Wood degradation in the digestive tract of the formosan subterranean termite (Isoptera: Rhinotermitidae).
Most wood decomposition in the digestive tract of subterranean termite workers (family Rhinotermitidae) occurs in food vacuoles of flagellate protozoan symbionts in the hindgut (Radek, 1999). Types of protozoa vary between termite species. Formosan subterranean termites (Coptotermes formosanus Shiraki) harbor three different flagellates, each occupying a different niche in the hindgut (Lai et al., 1983). Pseudotrichonympha grassi, the largest, engulfs wood particles and digests cellulose and other polysaccharides (Yoshimura, 1995). Hodomastigitoides hartmanni also engulfs wood, but appears to have different dietary requirements than P. grassi, which is not able to digest low molecular weight cellulose (Yoshimura, 1995). Spirotrichonympha leidyi, a much smaller species, obtains dissolved nutrients from gut fluid (Yoshimura, 1995). Some wood carbohydrate may also be digested before reaching the hindgut by enzymes produced in termite tissue (Radek, 1999). The current study aimed use scanning electron microscopy to analyze the degree of degradation of wood particles in different regions of C. formosanus gut.
MATERIALS AND METHODS
Coptotermes formosanus workers used for this study were from a colony collected at Audobon Park in New Orleans, LA. Insects were kept in polystyrene containers (Tri-State Plastics, Latonia, KY) containing weathered yellow pine blocks, approximately 20 cm x 4 cm x 1 cm, at 28[degrees] C and saturated humidity. Dissection of whole guts was carried out as described in Zhou et al. (2007). Excised guts were transferred to a piece of nonstick aluminum foil placed on dry ice. A double-edged razor blade was used to subdivide guts into foregut, midgut, forward hindgut, middle hindgut, and rear hindgut as illustrated in Lai et al. (1983). Quick cutting with the blade sealed gut sections containing fluid with ingested wood particles. Three sets of 10 foregut and midgut sections, and three sets of five hindgut sections, were gently squeezed with forceps in micro-centrifuge tubes containing distilled water. Tubes were stored overnight at -20[degrees] C before further processing. To remove salts in the gut fluid that would coat wood particles during drying, thawed samples were centrifuged twice for 5 minutes at 7,000 g with one change of distilled water, followed by 5 minutes at 20,800 g after an additional change of water. Tubes were vortexed and two drops immediately transferred with a disposable pipette to scanning electron microscope stubs. Stubs had a piece of carbon mounting tape affixed, with a grid pattern cut onto the tape with a razor blade. Squares of grids were approximately 0.5 [mm.sup.2]. Stubs were air dried under a fume hood, sputter coated, and wood particles viewed with a Zeiss EVO-40VXP environmental electron microscope. Micrographs were obtained at 2,000 x magnification for five different areas within a square on the grid. This was repeated for five different squares of the grid.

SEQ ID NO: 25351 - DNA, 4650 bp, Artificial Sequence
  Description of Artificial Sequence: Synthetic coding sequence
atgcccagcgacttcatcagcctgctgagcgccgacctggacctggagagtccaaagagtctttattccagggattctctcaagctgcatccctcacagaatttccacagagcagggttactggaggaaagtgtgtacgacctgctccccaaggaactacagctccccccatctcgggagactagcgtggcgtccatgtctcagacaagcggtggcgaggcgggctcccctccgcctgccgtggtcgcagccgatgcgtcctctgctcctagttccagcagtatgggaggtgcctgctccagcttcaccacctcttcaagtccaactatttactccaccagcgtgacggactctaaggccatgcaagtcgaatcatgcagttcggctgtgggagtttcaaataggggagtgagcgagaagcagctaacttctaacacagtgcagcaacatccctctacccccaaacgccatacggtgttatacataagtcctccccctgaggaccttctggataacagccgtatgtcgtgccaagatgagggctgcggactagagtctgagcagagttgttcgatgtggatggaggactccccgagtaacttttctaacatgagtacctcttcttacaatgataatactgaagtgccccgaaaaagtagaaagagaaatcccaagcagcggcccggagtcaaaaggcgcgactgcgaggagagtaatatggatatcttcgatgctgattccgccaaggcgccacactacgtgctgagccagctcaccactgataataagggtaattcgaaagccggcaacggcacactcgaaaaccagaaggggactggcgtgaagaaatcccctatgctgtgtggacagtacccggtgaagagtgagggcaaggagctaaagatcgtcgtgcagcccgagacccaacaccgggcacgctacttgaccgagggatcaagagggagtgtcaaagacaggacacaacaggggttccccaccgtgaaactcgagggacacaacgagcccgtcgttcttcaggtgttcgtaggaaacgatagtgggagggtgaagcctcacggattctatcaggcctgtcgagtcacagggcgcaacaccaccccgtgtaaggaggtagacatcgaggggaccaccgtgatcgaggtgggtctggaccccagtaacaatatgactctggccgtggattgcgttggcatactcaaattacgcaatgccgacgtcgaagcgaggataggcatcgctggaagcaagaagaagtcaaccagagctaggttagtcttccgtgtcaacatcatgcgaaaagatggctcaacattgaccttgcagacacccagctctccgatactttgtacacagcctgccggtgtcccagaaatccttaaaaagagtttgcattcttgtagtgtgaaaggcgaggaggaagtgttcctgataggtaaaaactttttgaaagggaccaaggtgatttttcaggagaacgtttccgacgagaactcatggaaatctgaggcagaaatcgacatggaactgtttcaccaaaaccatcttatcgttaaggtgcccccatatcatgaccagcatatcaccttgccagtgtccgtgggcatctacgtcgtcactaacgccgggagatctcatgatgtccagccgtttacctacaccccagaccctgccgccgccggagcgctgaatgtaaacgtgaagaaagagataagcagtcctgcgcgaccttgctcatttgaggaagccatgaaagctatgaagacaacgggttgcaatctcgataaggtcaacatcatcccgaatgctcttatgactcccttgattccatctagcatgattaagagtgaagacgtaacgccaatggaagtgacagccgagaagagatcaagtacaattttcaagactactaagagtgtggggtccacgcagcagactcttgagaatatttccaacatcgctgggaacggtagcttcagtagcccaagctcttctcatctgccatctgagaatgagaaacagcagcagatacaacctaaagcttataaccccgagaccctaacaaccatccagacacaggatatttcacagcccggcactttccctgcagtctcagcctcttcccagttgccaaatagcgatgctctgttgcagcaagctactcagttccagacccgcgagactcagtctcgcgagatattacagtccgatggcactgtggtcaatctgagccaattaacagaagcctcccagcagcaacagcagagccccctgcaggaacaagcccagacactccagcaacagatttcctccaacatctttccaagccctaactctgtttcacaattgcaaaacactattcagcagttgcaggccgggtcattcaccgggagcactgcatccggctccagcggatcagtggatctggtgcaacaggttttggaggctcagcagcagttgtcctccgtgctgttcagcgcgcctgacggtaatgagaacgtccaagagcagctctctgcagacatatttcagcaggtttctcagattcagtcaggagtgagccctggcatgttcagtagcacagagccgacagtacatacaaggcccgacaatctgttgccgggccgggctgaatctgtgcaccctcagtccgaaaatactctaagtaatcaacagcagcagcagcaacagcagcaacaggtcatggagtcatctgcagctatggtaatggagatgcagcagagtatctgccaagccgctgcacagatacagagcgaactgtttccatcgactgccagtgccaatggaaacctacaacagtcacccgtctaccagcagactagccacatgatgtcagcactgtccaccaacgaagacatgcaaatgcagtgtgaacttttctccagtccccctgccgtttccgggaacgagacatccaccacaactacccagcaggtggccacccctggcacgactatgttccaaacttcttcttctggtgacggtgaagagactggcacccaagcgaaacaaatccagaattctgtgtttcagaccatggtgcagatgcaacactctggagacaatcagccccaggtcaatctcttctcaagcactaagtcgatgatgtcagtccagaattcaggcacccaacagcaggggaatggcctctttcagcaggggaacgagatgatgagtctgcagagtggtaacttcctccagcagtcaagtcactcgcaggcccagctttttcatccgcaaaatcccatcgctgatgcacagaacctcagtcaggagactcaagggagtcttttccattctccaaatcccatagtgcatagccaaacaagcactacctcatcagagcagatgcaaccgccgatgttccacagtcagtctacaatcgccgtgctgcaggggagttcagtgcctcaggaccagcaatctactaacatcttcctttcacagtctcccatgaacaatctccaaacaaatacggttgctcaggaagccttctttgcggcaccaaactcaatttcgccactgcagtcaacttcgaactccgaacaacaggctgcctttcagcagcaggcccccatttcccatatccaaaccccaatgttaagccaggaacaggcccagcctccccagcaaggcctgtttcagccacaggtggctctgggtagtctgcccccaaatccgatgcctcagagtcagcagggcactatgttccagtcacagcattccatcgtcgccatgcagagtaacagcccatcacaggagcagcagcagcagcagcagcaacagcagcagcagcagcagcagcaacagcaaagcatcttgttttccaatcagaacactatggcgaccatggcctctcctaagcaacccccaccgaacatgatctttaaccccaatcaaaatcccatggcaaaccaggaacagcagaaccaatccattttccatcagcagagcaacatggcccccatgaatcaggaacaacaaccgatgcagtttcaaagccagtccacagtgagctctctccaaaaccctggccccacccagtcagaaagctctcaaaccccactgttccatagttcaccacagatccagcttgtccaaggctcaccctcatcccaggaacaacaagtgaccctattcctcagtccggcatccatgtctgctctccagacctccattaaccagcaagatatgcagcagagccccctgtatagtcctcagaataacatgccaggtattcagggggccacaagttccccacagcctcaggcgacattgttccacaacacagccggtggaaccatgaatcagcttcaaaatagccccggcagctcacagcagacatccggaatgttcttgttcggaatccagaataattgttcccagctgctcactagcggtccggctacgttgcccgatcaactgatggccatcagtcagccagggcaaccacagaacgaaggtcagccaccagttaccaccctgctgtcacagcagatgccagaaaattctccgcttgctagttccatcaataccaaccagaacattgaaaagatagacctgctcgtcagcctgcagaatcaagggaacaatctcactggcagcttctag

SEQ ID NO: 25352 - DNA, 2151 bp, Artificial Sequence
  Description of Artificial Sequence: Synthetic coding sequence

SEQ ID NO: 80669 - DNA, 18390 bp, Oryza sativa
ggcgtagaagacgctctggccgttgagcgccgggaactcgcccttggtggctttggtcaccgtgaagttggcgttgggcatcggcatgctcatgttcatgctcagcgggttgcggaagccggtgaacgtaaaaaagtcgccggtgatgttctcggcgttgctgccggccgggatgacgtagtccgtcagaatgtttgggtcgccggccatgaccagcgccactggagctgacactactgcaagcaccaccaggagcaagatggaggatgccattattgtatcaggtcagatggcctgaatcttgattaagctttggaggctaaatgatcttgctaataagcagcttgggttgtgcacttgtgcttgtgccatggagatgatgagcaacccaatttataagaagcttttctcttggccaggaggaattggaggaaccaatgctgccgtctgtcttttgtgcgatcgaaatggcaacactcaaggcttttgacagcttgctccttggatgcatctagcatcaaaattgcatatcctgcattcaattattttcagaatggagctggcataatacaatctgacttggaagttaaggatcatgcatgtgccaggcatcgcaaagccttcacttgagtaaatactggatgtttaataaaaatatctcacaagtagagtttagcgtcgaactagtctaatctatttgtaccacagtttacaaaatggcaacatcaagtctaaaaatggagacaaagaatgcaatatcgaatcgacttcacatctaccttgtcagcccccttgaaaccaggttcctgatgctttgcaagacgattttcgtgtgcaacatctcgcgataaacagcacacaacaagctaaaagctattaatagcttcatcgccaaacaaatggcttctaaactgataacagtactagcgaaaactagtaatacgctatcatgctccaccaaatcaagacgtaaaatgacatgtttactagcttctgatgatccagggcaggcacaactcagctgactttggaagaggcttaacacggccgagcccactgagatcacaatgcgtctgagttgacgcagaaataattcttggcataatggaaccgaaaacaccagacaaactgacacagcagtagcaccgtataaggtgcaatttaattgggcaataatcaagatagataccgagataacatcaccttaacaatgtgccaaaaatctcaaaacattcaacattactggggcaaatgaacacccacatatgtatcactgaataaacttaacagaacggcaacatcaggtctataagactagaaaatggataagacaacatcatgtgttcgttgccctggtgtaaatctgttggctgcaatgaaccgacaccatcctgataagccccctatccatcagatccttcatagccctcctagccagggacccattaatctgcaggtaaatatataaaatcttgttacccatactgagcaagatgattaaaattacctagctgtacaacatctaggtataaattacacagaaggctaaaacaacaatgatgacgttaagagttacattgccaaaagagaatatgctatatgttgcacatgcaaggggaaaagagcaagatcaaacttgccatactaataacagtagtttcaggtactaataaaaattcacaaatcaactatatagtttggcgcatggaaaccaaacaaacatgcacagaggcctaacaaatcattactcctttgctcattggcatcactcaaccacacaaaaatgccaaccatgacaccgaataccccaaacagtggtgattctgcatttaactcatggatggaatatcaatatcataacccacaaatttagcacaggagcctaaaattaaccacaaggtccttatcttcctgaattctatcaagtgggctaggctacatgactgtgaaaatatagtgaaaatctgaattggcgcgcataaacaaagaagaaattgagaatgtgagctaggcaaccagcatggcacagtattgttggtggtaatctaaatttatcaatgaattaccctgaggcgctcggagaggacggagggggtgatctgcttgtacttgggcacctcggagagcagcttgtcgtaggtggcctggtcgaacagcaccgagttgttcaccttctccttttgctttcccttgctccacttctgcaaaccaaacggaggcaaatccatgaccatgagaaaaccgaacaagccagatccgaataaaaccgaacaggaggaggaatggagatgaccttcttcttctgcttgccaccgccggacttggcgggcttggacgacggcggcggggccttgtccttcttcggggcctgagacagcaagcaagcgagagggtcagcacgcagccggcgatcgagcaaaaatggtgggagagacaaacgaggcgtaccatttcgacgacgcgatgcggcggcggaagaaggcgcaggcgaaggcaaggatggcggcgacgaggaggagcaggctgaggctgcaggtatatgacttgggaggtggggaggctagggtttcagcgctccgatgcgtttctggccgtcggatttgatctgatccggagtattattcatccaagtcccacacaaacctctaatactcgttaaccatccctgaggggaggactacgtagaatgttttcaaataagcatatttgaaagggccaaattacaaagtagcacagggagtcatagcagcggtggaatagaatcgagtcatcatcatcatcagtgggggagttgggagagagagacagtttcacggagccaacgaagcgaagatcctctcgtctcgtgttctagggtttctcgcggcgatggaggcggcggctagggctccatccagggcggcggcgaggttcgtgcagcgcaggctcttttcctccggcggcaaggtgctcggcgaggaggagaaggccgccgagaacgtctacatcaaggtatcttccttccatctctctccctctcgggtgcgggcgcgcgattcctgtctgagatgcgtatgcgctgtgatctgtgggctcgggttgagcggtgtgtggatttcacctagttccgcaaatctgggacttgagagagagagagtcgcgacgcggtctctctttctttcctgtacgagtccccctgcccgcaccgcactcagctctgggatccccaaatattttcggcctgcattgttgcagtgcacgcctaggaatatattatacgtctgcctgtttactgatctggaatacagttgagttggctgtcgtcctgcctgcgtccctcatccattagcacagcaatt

Degree of wood degradation was determined from comparing the number of apparent holes in wood particles recovered from each gut section. Holes were defined as fully enclosed areas on a wood particle darker than the surrounding particle surface and longer than 10 um. One-way ANOVA and Tukeys HSD was carried out using SAS software (SAS Institute) to identify significant differences in numbers of holes in wood particles between gut regions.